Country comes before cash for Australia’s elite cricketers with international commitments and the battle for the Ashes pushing the glitzy Indian Premier League into the background.
Seven IPL-contracted stars, including crowd-pleasers, Brett Lee, 2008 IPL player of the tournament Shane Watson and Andrew Symonds, will be playing for Australia in the One-day series against Pakistan, starting in Dubai next week.
Australia’s captain Ricky Ponting and senior batsman Mike Hussey also won’t be backing up for a second IPL season in an effort to freshen up after an arduous season ahead of the Ashes series in England later this year.
Pace spearhead Mitchell Johnson and team vice-captain Michael Clarke did not nominate for the 2009 IPL auction, instead placing a priority on their international commitments.
Last year’s leading run-scorer Shaun Marsh, Nathan Bracken, James Hopes and David Hussey will all be playing for Australia in Dubai.
Lee and Symonds will be the big losers financially.
Symonds will lose around 1.35 million US for missing the bulk of the Deccan Chargers campaign, while Lee could forgo around 1 million US the Kings XI Punjab.
Lee’s manager, Neil Maxwell, said his client’s focus was solely on breaking back in the Australian side and the paceman was prepared to miss the IPL to follow the wishes of national medical staff after ankle and foot surgery.
“It is a matter of the Australian medical team having a look at him while he is in front of them,” Maxwell said.
“The plan for him is to come back and be 100 percent for the Ashes (starting in July).”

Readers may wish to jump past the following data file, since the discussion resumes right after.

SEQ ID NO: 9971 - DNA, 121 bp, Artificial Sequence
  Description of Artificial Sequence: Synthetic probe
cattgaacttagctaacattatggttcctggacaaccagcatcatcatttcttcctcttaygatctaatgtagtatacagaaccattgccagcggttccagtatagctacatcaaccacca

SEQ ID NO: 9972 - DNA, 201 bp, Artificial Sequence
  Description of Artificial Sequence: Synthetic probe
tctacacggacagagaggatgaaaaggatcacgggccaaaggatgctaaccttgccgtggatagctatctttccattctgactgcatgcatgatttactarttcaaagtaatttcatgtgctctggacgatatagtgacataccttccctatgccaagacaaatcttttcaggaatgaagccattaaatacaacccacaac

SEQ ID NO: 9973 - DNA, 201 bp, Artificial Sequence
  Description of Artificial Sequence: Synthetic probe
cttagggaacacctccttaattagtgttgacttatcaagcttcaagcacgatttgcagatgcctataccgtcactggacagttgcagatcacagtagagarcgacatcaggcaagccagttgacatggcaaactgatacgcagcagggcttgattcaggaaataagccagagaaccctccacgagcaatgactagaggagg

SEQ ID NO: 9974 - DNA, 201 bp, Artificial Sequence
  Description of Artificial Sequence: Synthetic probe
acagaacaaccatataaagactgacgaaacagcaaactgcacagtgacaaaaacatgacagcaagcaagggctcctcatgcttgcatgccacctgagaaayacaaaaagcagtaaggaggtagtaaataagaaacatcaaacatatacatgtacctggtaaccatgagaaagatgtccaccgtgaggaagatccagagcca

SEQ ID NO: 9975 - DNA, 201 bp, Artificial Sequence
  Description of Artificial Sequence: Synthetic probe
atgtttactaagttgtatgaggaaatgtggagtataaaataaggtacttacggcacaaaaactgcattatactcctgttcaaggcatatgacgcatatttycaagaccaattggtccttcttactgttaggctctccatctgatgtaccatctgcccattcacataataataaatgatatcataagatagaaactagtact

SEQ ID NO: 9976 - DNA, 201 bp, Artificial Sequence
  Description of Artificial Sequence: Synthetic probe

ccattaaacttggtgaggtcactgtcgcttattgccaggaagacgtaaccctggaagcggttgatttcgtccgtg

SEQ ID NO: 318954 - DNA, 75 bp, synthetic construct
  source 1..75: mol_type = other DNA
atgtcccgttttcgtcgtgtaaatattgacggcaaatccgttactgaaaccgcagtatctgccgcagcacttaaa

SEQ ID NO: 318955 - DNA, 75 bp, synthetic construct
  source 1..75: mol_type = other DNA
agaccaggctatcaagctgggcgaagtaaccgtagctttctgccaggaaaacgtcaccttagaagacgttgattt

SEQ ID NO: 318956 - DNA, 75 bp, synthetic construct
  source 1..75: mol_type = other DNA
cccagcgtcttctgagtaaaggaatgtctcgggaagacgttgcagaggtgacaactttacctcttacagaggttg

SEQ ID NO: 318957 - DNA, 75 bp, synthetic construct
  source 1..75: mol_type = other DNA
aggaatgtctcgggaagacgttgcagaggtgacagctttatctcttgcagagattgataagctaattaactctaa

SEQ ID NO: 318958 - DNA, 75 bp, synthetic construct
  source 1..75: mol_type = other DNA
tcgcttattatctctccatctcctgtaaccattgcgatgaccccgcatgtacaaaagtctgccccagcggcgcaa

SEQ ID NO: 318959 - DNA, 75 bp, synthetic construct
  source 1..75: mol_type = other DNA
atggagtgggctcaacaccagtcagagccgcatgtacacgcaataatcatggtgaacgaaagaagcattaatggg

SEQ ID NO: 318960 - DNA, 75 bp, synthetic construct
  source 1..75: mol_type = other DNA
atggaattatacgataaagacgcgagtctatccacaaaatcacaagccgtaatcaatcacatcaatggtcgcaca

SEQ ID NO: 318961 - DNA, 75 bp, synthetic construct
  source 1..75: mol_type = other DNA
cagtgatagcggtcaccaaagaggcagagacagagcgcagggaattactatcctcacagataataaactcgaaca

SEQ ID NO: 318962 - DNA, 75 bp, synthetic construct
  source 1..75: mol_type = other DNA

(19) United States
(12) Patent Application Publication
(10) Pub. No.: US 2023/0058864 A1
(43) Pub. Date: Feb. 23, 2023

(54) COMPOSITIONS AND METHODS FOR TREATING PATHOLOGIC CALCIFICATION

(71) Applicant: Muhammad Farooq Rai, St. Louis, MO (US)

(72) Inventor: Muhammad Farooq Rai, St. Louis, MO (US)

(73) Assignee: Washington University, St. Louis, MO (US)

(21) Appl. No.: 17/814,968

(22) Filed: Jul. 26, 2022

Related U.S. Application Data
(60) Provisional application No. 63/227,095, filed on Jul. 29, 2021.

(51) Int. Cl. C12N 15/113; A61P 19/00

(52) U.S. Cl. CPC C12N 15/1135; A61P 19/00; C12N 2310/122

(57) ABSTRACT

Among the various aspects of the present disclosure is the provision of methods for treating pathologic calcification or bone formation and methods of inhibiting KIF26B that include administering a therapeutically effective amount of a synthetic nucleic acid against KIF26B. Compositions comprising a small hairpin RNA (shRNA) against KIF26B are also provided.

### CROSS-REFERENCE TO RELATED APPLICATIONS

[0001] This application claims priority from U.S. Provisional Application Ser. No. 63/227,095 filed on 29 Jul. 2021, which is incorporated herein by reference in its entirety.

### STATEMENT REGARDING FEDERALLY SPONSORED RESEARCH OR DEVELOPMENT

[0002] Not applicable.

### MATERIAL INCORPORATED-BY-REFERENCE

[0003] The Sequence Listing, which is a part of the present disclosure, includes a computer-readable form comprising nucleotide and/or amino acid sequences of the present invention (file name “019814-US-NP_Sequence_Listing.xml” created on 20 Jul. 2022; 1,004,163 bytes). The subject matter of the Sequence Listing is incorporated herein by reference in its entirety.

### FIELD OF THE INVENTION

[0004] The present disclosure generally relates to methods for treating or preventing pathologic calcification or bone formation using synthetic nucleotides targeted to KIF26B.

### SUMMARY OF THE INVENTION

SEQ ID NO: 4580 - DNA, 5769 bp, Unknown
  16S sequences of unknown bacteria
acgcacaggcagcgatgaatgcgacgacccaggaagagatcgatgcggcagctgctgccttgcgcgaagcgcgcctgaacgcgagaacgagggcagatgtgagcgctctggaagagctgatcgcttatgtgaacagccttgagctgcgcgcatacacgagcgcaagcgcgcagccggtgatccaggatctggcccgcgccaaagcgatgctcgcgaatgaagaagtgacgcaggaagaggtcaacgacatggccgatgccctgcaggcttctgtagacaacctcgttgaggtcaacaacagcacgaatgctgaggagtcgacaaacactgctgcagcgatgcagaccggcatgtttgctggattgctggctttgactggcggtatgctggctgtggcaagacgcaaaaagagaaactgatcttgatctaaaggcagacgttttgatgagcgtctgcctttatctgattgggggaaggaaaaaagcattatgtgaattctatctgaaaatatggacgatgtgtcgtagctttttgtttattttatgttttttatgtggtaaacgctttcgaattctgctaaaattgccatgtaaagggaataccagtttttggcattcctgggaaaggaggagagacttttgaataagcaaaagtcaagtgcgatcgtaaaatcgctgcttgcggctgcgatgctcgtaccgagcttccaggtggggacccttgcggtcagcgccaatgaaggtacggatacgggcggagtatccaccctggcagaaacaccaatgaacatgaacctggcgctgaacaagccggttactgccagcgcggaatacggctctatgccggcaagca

Retired Australian cricket greats Shane Warne, Adam Gilchrist, Matt Hayden and Glenn McGrath, will be back for the IPL along with batsmen Brad Hodge and David Warner.
Warne led the Rajasthan Royals to the inaugural title and the 39-year-old spin great is hoping to win over the South African fans with Proteas captain Graeme Smith playing under him.
“The (South African) public have booed me most of the time, but hopefully playing with the Rajasthan Royals they’ll get behind me,” Warne said.
“Hopefully when I come on to bowl I’ll get a clap, or a cheer or whistle. They’re pretty vocal. They love their cricket. Having Graeme Smith and Morne Morkel in the side will help.”
McGrath, who retired from Test cricket at the same time as Warne in 2007, says the IPL had changed the nature of world cricket.
“I think it probably has, hopefully for the better,” he said. “As a player, it’s good to go over there.
“Twenty20 is quite a fast, exciting game and also I think the big selling point for me as well was that I get to play with guys that I don’t (normally) get to play with.
“And you get to see how they play, how they prepare.
“We become pretty good friends when we play against each other, but then we play with each other, it’s different again and that’s what I like about the IPL.”